October 19, 2018

Genomic diagnosis of deafness, shared data systems and genetic counselling have been on the international agenda of late, with Melbourne Genomics professionals sharing our experiences and learning from colleagues in the USA.

Dr Lilian Downie, from the Melbourne Genomics Congenital Deafness clinical project, travelled to the US recently (as an Alliance Ambassador) to meet and share her team’s work with colleagues in Boston. Dr Downie presented to three aligned projects: Babyseq team (who are offering genomic sequencing to newborns), Partners Healthcare (who offer panel testing for deafness) and the Seqaboo team (who provide whole genome sequencing for babies referred after an initial hearing test in hospital). Seqaboo started recruiting for their project in the past two months and the team was particularly receptive, Dr Downie noted.

“I was able to meet individually with many of the members of these teams, and some promising collaborations were discussed,” Dr Downie said. “There are opportunities to further investigate with US colleagues unsolved cases from our deafness project, and to share data that could inform re-analysis of these cases.

“The trip has been an excellent way to share the work that Melbourne Genomics is doing, gain insight into similar projects and collaborate in a way that will benefit our patients and research teams.”

Meanwhile, the team building our Alliance’s shared clinical data system for genomics were invited to present at the recent DNAnexus Connect conference in San Francisco. Senior Project Manager – Data and Technology, Tim Bakker, Technology Manager Anthony Marty and Clinical Bioinformatician and former Analysis Owner Chris Ieng were all part of the presentation: ‘How DNAnexus is part of a system to embed genomics into everyday healthcare.'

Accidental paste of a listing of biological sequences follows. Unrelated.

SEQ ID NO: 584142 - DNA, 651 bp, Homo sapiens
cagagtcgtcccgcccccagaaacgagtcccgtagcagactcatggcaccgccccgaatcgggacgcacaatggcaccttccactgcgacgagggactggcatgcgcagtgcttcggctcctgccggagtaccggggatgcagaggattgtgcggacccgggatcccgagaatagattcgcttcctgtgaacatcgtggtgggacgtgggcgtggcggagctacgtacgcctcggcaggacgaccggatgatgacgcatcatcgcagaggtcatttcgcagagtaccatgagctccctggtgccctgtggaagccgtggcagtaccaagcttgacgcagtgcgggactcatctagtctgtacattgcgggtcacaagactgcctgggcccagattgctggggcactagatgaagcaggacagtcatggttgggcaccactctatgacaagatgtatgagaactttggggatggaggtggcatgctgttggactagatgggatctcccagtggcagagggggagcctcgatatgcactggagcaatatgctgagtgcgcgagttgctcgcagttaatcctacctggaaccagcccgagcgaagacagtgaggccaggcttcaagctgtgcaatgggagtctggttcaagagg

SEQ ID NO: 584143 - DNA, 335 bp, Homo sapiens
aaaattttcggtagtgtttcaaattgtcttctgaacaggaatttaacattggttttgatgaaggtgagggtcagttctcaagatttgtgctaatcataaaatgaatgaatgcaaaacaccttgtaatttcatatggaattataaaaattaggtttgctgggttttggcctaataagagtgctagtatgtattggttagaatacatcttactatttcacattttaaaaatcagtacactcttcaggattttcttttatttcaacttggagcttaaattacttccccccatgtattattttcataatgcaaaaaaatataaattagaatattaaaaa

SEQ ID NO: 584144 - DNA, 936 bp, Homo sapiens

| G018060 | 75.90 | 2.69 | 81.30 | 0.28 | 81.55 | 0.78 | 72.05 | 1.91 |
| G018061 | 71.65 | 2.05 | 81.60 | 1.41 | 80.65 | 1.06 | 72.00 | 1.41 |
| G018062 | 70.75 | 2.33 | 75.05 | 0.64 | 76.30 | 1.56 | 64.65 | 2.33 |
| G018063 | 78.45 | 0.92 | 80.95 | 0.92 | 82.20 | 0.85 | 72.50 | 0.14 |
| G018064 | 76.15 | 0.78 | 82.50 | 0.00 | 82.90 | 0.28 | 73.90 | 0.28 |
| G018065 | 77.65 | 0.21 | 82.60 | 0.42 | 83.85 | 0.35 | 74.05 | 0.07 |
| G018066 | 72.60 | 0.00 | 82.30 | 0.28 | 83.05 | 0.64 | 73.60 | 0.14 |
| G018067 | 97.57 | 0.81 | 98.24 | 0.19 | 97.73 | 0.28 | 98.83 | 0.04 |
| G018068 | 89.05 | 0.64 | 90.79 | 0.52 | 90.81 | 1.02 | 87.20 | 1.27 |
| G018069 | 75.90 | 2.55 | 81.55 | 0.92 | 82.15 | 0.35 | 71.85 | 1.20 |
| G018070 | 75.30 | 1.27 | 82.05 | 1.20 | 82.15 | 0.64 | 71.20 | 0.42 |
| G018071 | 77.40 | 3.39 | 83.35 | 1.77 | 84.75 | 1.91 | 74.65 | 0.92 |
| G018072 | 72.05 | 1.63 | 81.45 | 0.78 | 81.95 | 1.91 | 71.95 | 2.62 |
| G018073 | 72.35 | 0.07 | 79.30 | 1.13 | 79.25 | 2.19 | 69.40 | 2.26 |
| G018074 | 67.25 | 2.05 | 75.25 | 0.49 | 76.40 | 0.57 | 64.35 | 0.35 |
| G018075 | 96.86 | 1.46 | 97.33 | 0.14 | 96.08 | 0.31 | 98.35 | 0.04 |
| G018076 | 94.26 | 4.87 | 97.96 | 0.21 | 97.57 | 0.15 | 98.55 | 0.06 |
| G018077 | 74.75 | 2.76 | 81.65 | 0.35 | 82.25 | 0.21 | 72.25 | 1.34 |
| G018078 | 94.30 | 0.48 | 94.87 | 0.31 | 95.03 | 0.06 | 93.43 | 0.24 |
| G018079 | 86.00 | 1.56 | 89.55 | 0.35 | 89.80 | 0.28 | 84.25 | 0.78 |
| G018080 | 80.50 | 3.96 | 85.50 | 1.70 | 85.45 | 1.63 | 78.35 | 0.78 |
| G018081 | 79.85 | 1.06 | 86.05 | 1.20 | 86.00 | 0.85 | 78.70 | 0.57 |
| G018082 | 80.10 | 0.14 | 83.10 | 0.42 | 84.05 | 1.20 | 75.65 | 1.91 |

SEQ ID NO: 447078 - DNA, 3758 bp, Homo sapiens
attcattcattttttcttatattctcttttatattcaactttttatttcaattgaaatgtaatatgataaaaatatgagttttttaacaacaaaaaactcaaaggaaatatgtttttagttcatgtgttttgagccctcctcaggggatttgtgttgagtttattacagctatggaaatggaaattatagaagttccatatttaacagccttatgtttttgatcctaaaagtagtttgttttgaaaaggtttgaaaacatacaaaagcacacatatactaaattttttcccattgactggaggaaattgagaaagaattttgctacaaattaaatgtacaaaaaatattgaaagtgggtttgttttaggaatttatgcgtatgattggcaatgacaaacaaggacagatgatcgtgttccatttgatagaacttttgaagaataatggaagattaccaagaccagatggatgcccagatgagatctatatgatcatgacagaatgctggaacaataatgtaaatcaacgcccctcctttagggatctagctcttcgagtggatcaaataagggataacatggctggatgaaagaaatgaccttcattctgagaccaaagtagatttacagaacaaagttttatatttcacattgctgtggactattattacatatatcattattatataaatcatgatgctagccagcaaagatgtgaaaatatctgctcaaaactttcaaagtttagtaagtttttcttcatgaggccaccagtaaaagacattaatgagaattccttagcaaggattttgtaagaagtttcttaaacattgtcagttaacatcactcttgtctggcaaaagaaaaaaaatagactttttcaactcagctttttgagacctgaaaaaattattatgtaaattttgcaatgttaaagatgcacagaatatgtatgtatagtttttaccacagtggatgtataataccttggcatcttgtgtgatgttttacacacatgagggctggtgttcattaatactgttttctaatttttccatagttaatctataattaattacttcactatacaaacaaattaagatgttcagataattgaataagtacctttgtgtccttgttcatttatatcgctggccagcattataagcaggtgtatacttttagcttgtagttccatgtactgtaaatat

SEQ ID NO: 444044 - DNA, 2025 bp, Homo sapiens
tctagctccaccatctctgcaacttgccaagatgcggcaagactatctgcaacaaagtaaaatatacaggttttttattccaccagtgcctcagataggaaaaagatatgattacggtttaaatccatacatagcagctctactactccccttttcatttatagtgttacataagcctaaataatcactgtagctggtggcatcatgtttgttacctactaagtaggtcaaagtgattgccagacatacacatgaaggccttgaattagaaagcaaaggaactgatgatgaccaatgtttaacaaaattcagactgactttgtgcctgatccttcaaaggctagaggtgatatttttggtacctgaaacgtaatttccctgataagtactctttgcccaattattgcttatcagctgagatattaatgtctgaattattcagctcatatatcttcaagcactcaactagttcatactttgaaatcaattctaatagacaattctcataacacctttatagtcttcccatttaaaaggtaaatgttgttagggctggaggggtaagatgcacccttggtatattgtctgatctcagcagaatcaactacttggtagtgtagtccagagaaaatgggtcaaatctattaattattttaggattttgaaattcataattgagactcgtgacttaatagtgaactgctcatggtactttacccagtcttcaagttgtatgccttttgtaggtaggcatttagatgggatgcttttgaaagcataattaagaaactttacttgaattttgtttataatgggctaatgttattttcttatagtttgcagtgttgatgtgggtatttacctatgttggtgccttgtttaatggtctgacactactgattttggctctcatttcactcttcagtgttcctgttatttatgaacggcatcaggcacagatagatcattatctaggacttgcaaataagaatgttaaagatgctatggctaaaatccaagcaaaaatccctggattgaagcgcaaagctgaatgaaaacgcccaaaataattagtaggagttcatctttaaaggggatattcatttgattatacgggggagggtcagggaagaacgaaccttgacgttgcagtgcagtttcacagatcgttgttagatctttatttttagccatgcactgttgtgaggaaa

“Our attendance at DNAnexus Connect was to make the DNAnexus user community aware of the Alliance and the work we are doing in delivering a shared clinical data system to support the integration of genomic medicine into healthcare,” Tim Bakker said. “We were also there to listen to other DNAnexus users and understand how they are using the platform as part of their work in both clinical and research areas.”

And genetic counsellor, Lyndon Gallacher, involved in the Melbourne Genomics Complex Care clinical project, recently travelled to the Broad Institute of Harvard and MIT, as an Alliance Ambassador. Lyndon is learning how the Broad involves their genetic counselling workforce in variant analysis and curation, with the view to providing variant curation training at future Melbourne Genomics workshops.

[Image:  Melbourne Genomics' Senior Project Manager – Data and Technology, Tim Bakker, Technology Manager, Anthony Marty, and Clinical Bioinformatician and former Analysis Owner, Chris Ieng, on stage at the DNAnexus Connect conference.]


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